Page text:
The Safe House Education (S.H.E.) Fund:
Educating Maasai Girls who have the Courage
to Change their World
The S.H.E. Fund was inspired by the courageous and dedicated girls of the Tasaru Rescue Center in Narok, Kenya. Also known as the V-Day Safe House, the refuge was created in 2002 by Agnes Pareyio, a Maasai visionary, in collaboration with V-Day, to help Maasai girls escape the tribal traditions of Female Genital Mutilation (FGM) and early childhood marriage, and to provide them with primary and secondary education, a right denied women in the Maasai tradition. Every year six to ten girls from the Safe House graduate secondary school. Each has been reconciled with her parents in a beautiful ceremony that includes villagers from miles around. She has transformed her family and community by becoming the first female in her village to complete high school and return to the community an empowered young woman.
The S.H.E. Fund is the next step, offering support for college to those students who choose to continue with their education. Those currently supported by the S.H.E. Fund are studying Early Childhood Education, Business, Accounting, Nursing, Community Development, Medical Technology and Peace and Conflict Resolution. They will emerge from these programs with the skills and maturity to make their way in the world, and, by their example, break to the cycle of oppression in their communities.
The S.H.E Fund differs from most other educational funding organizations for young women in Africa, because it is our commitment to fund every student from the Safe House who graduates secondary school for one to four years of college, regardless of her grades in school. Most other organizations only extend funding to the students with the best grades.
The significance of this difference cannot be overstated. The S.H.E. students come from extremely rural settings where education of women is forbidden. Thus these are the students who can make the greatest impact on their tribe, culture and the story of women in Kenya. They are the young women who will transform their villages when they return educated and empowered, because they are the ones who come from the areas with greatest poverty and the most deeply entrenched oppression of women. Their success in college has an exponentially greater impact on their communities than if we were to choose only the best students.
To provide girls of the V-Day Safe House in Narok, Kenya with college, university or trade school education in order to support these young women to become change-makers in their communities and stop the cycles of oppression (Female Genital Mutilation, Early Childhood Marriage and the refusal to educate females) in their culture and on our planet; to offer these students scholarship for tuition, all living expenses, as well as deeply engaged mentorship from S.H.E. staff and funders as they face the tasks of becoming leaders in their communities and the world; to foster as many as many student-donor relationships as possible, in the knowledge that the cross-cultural human connection will change the lives of all.
In the last chapter of Saved by a Poem, Kim writes about her first visit to the V-Day Safe House for Maasai Girls in Narok, Kenya. Initially, she was paralyzed with shyness and most of the girls were too. In an awkward moment one young woman, Jecinta, stepped forward and asked her to sing a song. “What I really love is poetry,” she responded. “May I recite a poem to you?” The miracle that ensued forged a life-changing connection for all of them. As the last lines of Mary Oliver’s “The Journey” echoed — “determined to do / the only thing you could do / determined to save / the only life you could save” — many of the girls were in tears of recognition. So was Kim.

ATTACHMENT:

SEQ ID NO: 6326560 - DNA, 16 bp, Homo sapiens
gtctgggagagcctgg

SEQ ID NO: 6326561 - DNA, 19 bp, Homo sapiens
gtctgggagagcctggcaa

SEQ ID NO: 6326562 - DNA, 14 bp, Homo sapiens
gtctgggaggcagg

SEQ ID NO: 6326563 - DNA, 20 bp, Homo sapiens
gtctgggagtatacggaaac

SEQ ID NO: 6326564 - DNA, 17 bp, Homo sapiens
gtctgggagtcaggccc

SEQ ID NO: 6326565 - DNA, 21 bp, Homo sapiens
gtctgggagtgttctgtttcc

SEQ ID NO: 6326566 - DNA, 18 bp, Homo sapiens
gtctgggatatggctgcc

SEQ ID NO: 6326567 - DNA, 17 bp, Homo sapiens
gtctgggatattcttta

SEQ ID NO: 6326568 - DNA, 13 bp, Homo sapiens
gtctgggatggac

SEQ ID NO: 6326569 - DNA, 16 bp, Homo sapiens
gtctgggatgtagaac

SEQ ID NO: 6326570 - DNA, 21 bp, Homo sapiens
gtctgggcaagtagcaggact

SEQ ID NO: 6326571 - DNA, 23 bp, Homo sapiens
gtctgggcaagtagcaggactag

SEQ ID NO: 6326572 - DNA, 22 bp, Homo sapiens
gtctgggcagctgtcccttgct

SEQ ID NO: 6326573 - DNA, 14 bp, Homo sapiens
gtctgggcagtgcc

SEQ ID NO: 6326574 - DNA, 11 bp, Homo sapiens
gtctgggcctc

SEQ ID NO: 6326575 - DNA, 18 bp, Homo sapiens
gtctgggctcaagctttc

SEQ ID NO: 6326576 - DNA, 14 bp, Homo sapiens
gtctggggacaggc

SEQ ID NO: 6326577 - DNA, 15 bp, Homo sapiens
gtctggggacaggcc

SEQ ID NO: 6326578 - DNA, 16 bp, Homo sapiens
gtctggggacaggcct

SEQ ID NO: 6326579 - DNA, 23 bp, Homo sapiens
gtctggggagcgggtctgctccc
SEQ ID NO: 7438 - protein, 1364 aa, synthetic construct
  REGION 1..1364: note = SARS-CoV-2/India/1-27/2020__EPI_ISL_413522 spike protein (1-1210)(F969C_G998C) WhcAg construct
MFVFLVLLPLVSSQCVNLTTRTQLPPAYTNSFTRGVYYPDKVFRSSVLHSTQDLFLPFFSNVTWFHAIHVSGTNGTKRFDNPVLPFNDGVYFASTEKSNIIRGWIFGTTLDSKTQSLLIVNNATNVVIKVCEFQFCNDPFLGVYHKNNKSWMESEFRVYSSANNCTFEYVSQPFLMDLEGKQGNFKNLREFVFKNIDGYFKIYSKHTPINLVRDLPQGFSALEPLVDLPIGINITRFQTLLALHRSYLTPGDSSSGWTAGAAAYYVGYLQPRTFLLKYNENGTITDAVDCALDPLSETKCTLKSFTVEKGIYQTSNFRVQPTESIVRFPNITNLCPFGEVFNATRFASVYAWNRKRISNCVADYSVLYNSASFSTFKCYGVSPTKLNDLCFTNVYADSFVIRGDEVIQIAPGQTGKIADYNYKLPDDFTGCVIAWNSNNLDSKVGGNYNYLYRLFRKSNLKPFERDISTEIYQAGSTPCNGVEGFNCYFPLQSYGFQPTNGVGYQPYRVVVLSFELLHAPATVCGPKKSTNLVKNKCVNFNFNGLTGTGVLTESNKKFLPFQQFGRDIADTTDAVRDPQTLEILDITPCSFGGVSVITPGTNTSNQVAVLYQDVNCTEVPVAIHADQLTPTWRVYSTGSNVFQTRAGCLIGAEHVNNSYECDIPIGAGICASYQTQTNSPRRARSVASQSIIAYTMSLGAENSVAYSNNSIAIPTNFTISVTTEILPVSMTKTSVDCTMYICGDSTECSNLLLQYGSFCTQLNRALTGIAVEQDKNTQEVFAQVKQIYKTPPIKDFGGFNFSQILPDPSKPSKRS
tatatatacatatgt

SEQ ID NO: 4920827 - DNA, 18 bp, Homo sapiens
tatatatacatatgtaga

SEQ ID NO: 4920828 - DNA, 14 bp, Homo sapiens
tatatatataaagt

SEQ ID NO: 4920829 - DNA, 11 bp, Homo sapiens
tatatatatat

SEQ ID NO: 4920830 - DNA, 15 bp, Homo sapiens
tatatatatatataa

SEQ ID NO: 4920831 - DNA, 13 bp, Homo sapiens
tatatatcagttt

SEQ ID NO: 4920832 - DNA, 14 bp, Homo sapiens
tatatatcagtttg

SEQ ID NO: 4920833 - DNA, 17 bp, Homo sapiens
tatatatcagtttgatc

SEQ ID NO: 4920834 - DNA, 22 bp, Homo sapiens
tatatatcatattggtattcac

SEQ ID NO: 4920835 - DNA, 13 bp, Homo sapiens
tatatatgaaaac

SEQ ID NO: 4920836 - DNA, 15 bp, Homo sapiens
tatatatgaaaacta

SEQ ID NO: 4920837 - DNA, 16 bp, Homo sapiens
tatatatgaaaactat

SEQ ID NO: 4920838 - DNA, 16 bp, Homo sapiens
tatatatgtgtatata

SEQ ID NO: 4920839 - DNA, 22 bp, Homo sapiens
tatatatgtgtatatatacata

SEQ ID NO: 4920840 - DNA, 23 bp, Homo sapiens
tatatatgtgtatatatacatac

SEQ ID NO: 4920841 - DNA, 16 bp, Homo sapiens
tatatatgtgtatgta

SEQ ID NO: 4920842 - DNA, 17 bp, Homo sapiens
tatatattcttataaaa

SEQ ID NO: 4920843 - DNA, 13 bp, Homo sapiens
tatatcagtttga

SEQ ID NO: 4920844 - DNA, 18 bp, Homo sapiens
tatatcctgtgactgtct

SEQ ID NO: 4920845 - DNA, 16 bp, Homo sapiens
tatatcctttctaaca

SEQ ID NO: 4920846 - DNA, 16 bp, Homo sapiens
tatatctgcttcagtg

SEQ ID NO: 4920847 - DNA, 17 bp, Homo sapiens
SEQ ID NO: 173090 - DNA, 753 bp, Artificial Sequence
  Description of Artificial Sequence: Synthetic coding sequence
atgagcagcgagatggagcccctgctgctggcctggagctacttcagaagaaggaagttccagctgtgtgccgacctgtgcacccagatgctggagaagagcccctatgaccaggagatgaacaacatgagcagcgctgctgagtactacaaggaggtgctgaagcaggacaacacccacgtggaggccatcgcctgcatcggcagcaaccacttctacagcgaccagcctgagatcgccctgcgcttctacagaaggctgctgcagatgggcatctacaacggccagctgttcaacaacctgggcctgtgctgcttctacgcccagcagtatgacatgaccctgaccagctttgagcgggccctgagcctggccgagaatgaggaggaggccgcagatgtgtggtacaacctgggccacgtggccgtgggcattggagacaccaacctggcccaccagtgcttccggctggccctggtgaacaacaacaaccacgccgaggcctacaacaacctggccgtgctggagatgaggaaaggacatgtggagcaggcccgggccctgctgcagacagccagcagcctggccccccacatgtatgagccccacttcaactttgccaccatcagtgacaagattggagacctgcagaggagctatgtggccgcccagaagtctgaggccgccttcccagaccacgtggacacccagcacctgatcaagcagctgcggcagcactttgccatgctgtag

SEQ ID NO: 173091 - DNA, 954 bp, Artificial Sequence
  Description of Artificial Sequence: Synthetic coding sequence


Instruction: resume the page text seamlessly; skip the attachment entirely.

In 2010, Jecinta reached out to Kim to help her to get funds to go to college. Kim joined with several friends to raise the money, and Jecinta flourished. This was due not only to the financial support she received but also to the emotional impact of the human connection with those who believed in her. Funders also were profoundly moved by the opportunity to have direct and ongoing relationship with the student. In subsequent years, Kim raised funds for six more girls to go to college. Witnessing the life-changing impact on the young women, and also how they are now transforming their families, villages and tribe as a whole, she was inspired to create the S.H.E. Fund. In 2019, the S.H.E. Fund has 30 students in school and 11 graduates.
“Evidence shows that girls’ education brings a wide range of benefits not only for the girls themselves but also for their children and their communities, as well as society at large in terms of economic growth.”
— UNITED NATIONS FOUNDATION
Each year six to ten girls from the V-Day Safe House graduate secondary school. Let's support these extraordinary young women to get an education that will transform their lives, their culture, and this world we share. Let's do it in perpetuity.
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Become a Primary Funder.
$3500 per year provides all expenses for a student in college
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Contribute to the General Fund.
We welcome donations of any amount which we combine to support students who do not have a Primary Funder and to cover the operating expenses of the S.H.E. Fund.
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Become a Sustaining Funder.
Make monthly, quarterly or annual contributions to the S.H.E. Fund.
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